While some runners feel strongly about running outside no matter the circumstance, weather or time of day, for some runners that simply is not possible. Can you successfully complete a training cycle with all treadmill running? Can you do marathon training on a treadmill? Are there benefits to running on a treadmill? Downfalls?
Are there certain distances that are more conducive to treadmill workouts? Are there limits? How do you focus your training?
A treadmill is a great tool for getting in quality runs. An excellent tool for progression runs or fartleks, the time will go much faster than you would expect for this type of activity.
Since running on a treadmill for a long period of time can be mind-numbing, a progression ladder can keep your brain occupied. One way to achieve this is to pick up the pace at regularly prescribed intervals.
For example, if you are planning to run for sixty minutes, warm up for 10 minutes at an easy pace. Increase the speed by a predetermined amount every quarter mile. This is a very effective way to train for a 10K. The hard work you do on tired legs will make race day feel easier and, hopefully, produce negative splits!
A treadmill is an excellent tool for speedwork! Sure, a track is handy. But what do you do if you live in the north in the dead of winter? What if you have small children at home? Or if you have a short amount of time and don’t want to leave the office, but have a gym at your disposal? For these, and many other, reasons a treadmill can be an integral component to your training!
Speed pyramids are a great tool for building speed. Start out with an easy workout then create a pyramid for yourself. For a pyramid, think to work your way up then down the pyramid. For the base do longer intervals (either distance or time) at an easier pace, then your times (or distances) get shorter and your speed gets faster. Excellent for 5K training, this works on fast twitch movement.
Another way to train is to build your own ladder. An example of that:
When attempting a ladder-like this one think effort when you are laddering up, then try to match the speed you hit when you ladder back down. So if you are aiming for mile pace or 90-95% effort for the 400, hit that same pace on the way back down. Again, the work you do on tired legs translates to excellent times on race day!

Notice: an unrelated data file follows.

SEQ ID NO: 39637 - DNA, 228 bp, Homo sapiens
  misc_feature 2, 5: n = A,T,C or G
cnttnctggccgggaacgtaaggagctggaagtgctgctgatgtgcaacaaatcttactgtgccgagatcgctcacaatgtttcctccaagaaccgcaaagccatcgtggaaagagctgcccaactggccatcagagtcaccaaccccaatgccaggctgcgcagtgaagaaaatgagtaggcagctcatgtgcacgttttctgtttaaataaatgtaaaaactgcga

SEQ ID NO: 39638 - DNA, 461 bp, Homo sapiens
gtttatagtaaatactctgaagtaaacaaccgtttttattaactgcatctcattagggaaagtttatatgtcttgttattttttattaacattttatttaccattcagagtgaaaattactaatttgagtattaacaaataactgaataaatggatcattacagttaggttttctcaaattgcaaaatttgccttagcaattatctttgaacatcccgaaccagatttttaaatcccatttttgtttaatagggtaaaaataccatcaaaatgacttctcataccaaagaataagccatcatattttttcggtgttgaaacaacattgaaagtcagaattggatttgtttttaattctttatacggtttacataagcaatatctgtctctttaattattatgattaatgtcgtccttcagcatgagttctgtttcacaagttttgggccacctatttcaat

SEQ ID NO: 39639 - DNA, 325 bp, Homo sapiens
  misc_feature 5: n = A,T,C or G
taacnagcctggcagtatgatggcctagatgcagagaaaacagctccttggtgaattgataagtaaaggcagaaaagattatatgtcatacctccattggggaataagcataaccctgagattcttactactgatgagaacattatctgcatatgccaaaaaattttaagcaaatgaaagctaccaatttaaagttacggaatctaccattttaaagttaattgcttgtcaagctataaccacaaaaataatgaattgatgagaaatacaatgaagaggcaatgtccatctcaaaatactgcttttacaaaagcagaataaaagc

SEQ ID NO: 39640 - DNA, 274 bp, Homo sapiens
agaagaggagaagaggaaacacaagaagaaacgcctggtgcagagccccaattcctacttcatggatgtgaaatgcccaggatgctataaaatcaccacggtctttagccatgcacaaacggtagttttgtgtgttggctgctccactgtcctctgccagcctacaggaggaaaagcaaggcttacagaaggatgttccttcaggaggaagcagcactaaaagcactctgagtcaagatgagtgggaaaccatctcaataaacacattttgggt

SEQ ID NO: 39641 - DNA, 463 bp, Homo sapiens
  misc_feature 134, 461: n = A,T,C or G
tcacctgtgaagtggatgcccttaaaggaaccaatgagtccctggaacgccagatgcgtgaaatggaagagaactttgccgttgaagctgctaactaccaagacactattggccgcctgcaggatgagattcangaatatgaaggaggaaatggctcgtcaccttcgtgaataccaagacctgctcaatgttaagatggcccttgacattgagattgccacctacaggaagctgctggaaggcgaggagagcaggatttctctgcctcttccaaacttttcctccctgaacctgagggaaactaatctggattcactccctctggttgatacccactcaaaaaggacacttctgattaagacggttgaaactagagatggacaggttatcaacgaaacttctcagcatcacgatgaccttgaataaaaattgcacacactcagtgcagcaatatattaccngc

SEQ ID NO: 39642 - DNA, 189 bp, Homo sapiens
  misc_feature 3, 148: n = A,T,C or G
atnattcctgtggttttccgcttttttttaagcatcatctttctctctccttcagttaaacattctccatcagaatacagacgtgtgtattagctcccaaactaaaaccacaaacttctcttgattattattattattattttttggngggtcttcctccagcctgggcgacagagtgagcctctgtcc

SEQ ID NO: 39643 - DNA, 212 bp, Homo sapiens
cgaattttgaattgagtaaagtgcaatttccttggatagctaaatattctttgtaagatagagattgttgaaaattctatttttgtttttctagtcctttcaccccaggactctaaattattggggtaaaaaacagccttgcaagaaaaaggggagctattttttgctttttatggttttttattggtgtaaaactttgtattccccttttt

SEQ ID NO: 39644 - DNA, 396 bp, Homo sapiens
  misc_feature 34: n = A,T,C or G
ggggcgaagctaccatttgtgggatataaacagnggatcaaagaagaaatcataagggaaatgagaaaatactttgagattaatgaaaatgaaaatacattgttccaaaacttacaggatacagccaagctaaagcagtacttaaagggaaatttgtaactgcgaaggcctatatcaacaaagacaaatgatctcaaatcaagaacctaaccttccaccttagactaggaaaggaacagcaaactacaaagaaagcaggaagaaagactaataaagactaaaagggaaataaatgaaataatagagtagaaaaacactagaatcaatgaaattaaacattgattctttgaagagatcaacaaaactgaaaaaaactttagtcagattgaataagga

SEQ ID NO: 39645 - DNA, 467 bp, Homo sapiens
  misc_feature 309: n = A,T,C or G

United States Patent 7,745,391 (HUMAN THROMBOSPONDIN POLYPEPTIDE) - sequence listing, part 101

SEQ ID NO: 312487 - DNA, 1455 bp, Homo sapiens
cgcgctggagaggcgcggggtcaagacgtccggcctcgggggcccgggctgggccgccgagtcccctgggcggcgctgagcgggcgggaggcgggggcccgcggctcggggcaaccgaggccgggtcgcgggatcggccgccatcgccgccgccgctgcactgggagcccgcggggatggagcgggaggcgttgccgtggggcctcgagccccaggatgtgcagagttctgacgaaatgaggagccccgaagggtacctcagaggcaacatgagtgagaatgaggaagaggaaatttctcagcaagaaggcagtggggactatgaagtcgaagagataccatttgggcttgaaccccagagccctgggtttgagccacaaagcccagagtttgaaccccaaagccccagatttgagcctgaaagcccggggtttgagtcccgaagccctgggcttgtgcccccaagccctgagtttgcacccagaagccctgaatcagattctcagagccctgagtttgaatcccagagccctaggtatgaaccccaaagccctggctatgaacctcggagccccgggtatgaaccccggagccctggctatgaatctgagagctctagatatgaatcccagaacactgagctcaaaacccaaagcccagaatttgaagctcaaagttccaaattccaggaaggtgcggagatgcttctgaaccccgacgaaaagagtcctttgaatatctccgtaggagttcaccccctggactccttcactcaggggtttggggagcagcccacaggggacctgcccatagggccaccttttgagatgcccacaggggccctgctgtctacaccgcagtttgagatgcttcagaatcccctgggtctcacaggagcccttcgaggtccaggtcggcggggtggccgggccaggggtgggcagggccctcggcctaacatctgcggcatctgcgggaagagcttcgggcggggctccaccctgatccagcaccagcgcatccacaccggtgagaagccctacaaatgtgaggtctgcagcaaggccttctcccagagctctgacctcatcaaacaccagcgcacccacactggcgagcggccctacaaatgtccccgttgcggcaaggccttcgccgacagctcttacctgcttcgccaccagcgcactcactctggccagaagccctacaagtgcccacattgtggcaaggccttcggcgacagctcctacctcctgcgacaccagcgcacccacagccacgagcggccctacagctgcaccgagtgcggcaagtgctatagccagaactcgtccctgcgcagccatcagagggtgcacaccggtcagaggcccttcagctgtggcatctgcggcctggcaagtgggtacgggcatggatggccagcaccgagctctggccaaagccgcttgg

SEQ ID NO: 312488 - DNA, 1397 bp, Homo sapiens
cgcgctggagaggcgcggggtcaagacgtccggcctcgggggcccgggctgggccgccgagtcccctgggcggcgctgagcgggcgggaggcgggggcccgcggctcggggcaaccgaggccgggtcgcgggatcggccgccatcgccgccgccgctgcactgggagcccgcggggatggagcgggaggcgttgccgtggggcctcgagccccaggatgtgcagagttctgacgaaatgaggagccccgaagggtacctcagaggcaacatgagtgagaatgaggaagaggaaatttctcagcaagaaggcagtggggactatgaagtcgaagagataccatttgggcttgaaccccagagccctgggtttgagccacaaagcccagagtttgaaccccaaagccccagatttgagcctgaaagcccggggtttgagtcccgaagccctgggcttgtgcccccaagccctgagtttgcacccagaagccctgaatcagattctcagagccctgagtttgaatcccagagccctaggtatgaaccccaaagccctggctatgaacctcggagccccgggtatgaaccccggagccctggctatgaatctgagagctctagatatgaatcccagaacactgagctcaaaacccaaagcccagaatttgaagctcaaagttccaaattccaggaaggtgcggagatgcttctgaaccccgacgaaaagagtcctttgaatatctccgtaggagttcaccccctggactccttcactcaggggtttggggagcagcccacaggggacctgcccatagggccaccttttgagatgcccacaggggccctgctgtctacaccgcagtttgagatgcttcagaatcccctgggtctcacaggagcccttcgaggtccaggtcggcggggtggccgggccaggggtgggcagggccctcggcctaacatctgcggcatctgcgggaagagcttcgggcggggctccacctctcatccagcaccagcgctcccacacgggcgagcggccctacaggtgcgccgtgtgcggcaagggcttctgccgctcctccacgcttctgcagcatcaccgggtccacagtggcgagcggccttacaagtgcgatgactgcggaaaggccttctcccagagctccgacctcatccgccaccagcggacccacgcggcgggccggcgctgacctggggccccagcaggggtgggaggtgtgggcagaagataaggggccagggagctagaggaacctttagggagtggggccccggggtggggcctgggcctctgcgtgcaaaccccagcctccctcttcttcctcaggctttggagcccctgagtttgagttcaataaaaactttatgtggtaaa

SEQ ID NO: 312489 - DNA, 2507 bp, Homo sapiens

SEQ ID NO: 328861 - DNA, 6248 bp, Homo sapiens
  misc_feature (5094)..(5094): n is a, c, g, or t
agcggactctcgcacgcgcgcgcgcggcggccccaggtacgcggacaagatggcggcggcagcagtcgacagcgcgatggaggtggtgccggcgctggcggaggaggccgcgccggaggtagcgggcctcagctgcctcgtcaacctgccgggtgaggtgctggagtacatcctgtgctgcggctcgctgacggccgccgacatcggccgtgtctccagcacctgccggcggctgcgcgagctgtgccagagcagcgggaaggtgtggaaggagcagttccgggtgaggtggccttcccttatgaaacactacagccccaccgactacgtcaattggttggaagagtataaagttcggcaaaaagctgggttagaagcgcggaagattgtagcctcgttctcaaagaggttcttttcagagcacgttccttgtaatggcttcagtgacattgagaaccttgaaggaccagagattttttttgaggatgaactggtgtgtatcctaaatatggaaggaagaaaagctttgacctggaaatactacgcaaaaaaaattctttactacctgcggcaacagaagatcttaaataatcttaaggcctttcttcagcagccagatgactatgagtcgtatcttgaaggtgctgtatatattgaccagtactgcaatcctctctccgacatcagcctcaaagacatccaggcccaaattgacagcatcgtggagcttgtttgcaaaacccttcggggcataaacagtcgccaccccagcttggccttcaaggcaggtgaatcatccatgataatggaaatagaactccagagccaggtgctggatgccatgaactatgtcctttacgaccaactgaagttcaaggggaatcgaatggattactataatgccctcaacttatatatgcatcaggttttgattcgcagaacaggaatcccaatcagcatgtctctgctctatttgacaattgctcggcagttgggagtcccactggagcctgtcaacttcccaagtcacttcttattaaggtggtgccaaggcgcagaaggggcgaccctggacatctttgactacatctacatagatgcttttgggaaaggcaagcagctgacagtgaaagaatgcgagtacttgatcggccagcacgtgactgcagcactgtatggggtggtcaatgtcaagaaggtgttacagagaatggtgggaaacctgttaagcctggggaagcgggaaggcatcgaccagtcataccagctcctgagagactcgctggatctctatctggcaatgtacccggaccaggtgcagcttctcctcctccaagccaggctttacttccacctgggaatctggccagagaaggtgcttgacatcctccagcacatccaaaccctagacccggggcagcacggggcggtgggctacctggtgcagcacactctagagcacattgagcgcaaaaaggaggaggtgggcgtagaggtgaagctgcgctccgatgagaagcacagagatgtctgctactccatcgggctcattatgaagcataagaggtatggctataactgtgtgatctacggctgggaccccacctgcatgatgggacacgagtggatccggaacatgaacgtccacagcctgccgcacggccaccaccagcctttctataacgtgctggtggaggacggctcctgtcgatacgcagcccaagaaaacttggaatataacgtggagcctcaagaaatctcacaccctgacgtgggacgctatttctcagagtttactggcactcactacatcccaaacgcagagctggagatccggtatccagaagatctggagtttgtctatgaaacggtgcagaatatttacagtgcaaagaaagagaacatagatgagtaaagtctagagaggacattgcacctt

- 800 warm up
- 400 m
- 800 m
- 1200 m
- 1600 m
- 1200 m
- 800 m
- 400 m
- 800 cool down
Tips for Going the Long Haul
If you’re training for a distance race, say a half or full marathon, what does that look like for a treadmill runner? Can you survive super long runs on a treadmill? The consensus is yes. Some tips for running long distances on the treadmill include:
✓ Cover the Readout – Sometimes you’re better off NOT seeing how far or long you have run.
✓ Find Something to Focus On – If you are just looking for time on feet, consider popping in a movie. If you can zone out and just put it into autopilot, that may help.
✓ Show Up With a Plan – If you hit the treadmill with a workout plan, time flies.
✓ Music – A great motivator, music can also keep your brain busy. Consider the trick of three up-tempo songs followed by one easy song. Change your tempo based on your running music.
✓ Audiobooks – Another great way to keep your brain busy is to
Comfort Zone for Self Proclaimed Gym Rats
For people who enjoy spending time at their local gym, a treadmill seems a natural fit. Some athletes simply enjoy the convenience of completing all of their workouts in the same space whether it is weight lifting, cross-training or running.
Perks of Treadmill Training
When pressed with the task of enumerating perks of treadmill training, the running community does not disappoint.
Average Joe Speaks Out!
Laura Ryan Foley – “For five years, I traveled the world as I trained, doing virtual “runs” everywhere from Hawaii to Paris to Cape Town to Tokyo. Planning my runs became a sub-hobby to running itself.” The downside? Foley states that training on the treadmill, “can get you 80-90% to your goal. I had the speed, I had the incline, but I did not have the terrain. One of my half-marathons was on a trail of loose, sandy gravel that shredded my legs because I had not trained on it.”
Kelly Rogers, “After the second set of twins were born, I have been training almost exclusively on a treadmill. I love being able to dial in on my pace for whatever heart rate zone I am targeting and knowing it is going to be consistent without having to constantly check my watch. Other pros include access to the bathroom, not needing child care, not having to worry about my husband’s crazy schedule. I don’t have to worry about running alone as a female and feeling safe, plus I save on laundry by running in a bra and shorts! Negatives are that my kids are always there pestering me and time on the treadmill gets boring, but it is good mental training! Another disadvantage is it is less of an escape than running outside would be.”
Ilanit Helfand – “You get to watch TV, don’t have to hold your own water and you can control your speed without constantly checking a watch!”
Michael Osburn – “I work from home and do 90% of my training indoors. The biggest bonus is I can get a run in between meetings when I can find 25-30 free minutes!”
The verdict is that you can, indeed, train for a race of any distance, including a marathon, on a treadmill. The question is, ‘Do you want to?’.
There are many reasons people find themselves gravitating toward a treadmill: convenience, weather, childcare issues, among others. True, there are some negatives, but if you really want to train and the treadmill is your best option, the general consensus states that it is an excellent option.
Whether you are training for a 5K, a 10K, a half marathon or 26.2, athletes find a treadmill to be a handy tool that helps them to get the job done.